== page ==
U of S | Mailing List Archive | alt-photo-process-l | Proust in the Power of Photography (was fresson, or whatever. )

Proust in the Power of Photography (was fresson, or whatever. )

             Do you like Proust ?  (Aime vous Proust ?)
= French
             I remember reading some reference to photography in, ''Within a Budding Grove.''
Your amusing and thought provoking style of writing strongly reminds me of  the work of Marcel  Proust, mostly by the way a simple statement can be expanded offering many side tracking options for thought. Proust's words conjure a miriad of visual images which can sometimes be a little ''confusing'' if one is unable to, properly, pay attention.
  So, to cut long story short, I have ordered from Amazon UK, to arrive next Tuesday,  ''Proust in the Power of Photography'' by Brassai.
''I was never confused''. Al Murray. British comedian.Time Gentlemen, please. )
John - Photographist - London - UK.
----- Original Message -----
From: "Judy Seigel" <jseigel@panix.com>
Sent: Sunday, January 13, 2008 3:38 AM
Subject: RE: Fresson question

> On Sat, 12 Jan 2008, Dave S wrote:
>>> For all that I've
>>> read (and written! -- as in P-F #9) about the Fresson
>>> Process, I don't recall having seen an actual Fresson.
>> Judy, you certainly have seen actual Fresson prints. Sheila Metzner.
>> Remember? She came to your class as a guest and showed her Fresson prints. I
>> read it from this list!   :-)
> Wow Dave-- what a memory !  I want you on my side !  However, it wasn't my
> class, it was my friend Cynthia's class at Cooper Union, and I was invited
> ... I suppose I'd been curious about Fresson. Cynthia also invited me when
> she had Louis Faurer, whose work I adore...The students did not "get" or
> really respond to Faurer, or have any inkling of the man's talent (dare I
> say genius?). Cynthia & I took him to dinner afterward which was (for me)
> a thrill.
> As for Metzner, I never "got" her at all, not finding her supposedly
> beautiful things the least bit interesting OR beautiful.  The "fresson"
> prints looked like regular color photographs to me, except maybe
> larger...which might just show my own lack of sensitivity, tant pis, but
> there it is.
> The only other thing I remember (which I probably reported at the time)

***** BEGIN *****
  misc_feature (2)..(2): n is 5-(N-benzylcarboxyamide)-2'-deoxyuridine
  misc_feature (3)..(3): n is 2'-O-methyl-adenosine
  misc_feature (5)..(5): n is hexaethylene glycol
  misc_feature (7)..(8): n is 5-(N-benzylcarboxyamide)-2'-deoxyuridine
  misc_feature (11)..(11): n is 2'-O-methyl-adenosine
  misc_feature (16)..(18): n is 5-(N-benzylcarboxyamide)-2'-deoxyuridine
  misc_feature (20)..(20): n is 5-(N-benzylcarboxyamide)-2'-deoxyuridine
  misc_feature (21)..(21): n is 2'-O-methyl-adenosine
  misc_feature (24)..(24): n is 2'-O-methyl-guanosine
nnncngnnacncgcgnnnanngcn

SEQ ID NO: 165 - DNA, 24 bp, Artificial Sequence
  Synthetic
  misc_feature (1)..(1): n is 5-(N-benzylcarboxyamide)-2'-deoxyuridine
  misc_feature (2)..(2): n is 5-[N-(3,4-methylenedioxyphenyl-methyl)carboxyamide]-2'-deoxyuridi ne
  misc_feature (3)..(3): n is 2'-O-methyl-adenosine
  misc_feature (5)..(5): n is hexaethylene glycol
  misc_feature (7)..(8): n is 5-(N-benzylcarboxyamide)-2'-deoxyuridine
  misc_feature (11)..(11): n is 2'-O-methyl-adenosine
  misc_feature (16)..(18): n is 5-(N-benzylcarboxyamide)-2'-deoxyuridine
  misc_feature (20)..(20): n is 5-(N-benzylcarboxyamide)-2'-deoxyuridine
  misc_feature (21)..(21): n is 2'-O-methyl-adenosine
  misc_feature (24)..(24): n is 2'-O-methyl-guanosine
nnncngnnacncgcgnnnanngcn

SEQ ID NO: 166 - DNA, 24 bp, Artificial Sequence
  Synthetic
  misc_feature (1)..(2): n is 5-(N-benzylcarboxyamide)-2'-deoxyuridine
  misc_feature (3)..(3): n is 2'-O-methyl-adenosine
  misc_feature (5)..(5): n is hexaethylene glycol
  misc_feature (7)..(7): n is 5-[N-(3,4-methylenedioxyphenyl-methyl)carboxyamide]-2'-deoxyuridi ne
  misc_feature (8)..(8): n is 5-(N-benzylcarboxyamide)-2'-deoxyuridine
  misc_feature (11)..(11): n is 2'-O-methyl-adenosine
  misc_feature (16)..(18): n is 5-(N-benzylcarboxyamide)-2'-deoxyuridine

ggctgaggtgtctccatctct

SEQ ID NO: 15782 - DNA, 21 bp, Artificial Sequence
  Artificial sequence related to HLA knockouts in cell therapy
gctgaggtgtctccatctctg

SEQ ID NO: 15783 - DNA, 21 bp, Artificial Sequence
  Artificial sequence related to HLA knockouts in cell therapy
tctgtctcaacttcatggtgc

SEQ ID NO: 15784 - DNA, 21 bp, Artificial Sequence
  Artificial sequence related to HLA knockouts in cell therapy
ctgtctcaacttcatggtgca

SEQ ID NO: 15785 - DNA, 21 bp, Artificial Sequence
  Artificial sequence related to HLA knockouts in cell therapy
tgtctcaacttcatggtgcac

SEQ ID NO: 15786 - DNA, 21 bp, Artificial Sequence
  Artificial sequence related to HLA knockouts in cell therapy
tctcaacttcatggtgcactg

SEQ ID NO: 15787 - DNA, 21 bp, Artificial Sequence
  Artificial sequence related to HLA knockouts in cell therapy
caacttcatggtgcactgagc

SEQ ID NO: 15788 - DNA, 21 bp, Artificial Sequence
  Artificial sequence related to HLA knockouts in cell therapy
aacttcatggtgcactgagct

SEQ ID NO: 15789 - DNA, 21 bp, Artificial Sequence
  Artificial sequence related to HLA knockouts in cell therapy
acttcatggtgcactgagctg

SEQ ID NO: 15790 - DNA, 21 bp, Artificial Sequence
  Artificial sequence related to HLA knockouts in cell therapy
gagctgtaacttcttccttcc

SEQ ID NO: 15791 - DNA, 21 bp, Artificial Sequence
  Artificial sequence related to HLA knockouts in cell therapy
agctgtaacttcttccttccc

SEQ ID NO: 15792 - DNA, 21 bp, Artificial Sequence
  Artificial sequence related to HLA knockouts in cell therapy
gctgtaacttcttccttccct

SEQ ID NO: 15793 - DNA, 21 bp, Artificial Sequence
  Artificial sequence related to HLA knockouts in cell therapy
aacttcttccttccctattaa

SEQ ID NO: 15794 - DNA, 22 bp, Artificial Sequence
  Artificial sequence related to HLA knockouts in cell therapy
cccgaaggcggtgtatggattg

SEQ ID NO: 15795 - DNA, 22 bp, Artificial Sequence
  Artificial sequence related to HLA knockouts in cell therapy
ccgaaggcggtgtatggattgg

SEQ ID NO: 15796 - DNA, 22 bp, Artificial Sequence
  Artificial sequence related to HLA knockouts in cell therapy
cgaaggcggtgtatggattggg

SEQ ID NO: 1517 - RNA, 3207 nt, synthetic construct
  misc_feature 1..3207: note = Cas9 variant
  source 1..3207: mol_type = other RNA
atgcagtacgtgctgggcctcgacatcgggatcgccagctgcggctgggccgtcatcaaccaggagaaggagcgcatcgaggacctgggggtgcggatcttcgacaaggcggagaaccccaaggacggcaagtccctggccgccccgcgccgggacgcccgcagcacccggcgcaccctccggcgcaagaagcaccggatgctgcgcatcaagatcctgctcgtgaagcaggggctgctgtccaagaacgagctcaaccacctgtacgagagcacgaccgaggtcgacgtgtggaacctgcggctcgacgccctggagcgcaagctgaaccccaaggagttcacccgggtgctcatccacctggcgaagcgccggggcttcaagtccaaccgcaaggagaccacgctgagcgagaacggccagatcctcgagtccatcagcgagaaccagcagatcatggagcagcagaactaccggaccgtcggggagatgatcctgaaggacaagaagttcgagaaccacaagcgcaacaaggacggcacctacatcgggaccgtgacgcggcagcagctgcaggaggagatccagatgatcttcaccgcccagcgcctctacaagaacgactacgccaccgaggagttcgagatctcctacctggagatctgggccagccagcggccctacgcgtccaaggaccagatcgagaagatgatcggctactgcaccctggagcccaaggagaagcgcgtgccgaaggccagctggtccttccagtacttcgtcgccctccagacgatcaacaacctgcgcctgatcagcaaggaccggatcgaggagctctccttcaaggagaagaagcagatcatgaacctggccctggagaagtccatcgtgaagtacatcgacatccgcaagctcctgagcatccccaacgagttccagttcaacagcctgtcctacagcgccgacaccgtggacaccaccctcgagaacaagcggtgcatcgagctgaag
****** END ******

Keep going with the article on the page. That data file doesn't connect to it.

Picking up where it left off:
> was, sitting at an angle across the room, I noticed a white haze on part
> of one print & asked about it. Sheila said she'd told them a section of
> the print was too dark, so she supposed they'd laid a thin white coating
> over it. (She hadn't noticed it before.)
> But, speaking of what I don't get that the world adores, first prize goes
> to Jan Grover (sp?).  Due to means beyond my control, I saw her solo of
> pots and pans at MoMA some years ago. I found it deadly -- dull, obvious,
> cliche'd, pretentious and inane would be wild praise.  The Grover show I
> saw today was 60 times (by actual math) worse -- also kitchen equipment,
> but less attractive and "creative" -- a lot of fudgy looking metal printed
> by Light Jet. I can only surmise that "the world" is looking for something
> "arty," and will take whatever comes down the pike flying that flag as the
> real thing.
> However, what brought me to the 6th floor of 160 Broadway where I
> encounted the Grovers was a show of cliches verres, "The Hand-Drawn
> Negative" by Corot, Daubigny, Delacrois, Millet & 1 or 2 others at Peter
> Freeman Inc.  These were so fabulous, sublime, luscious, and adjective
> adjective adjective, they almost hurt.  Did I say I'm going to try the
> medium? Most were "salt prints" (brown) exposed through negs drawn on
> (maybe collodion). Also some carbon prints (black).
> The work is a private collection being sold as a group -- who has
> influence at the Met?  We deserve/need it in NY... (It will probably go
> to, like Texas... boo hoo.)  Anyway, it's up til next Saturday.
> Judy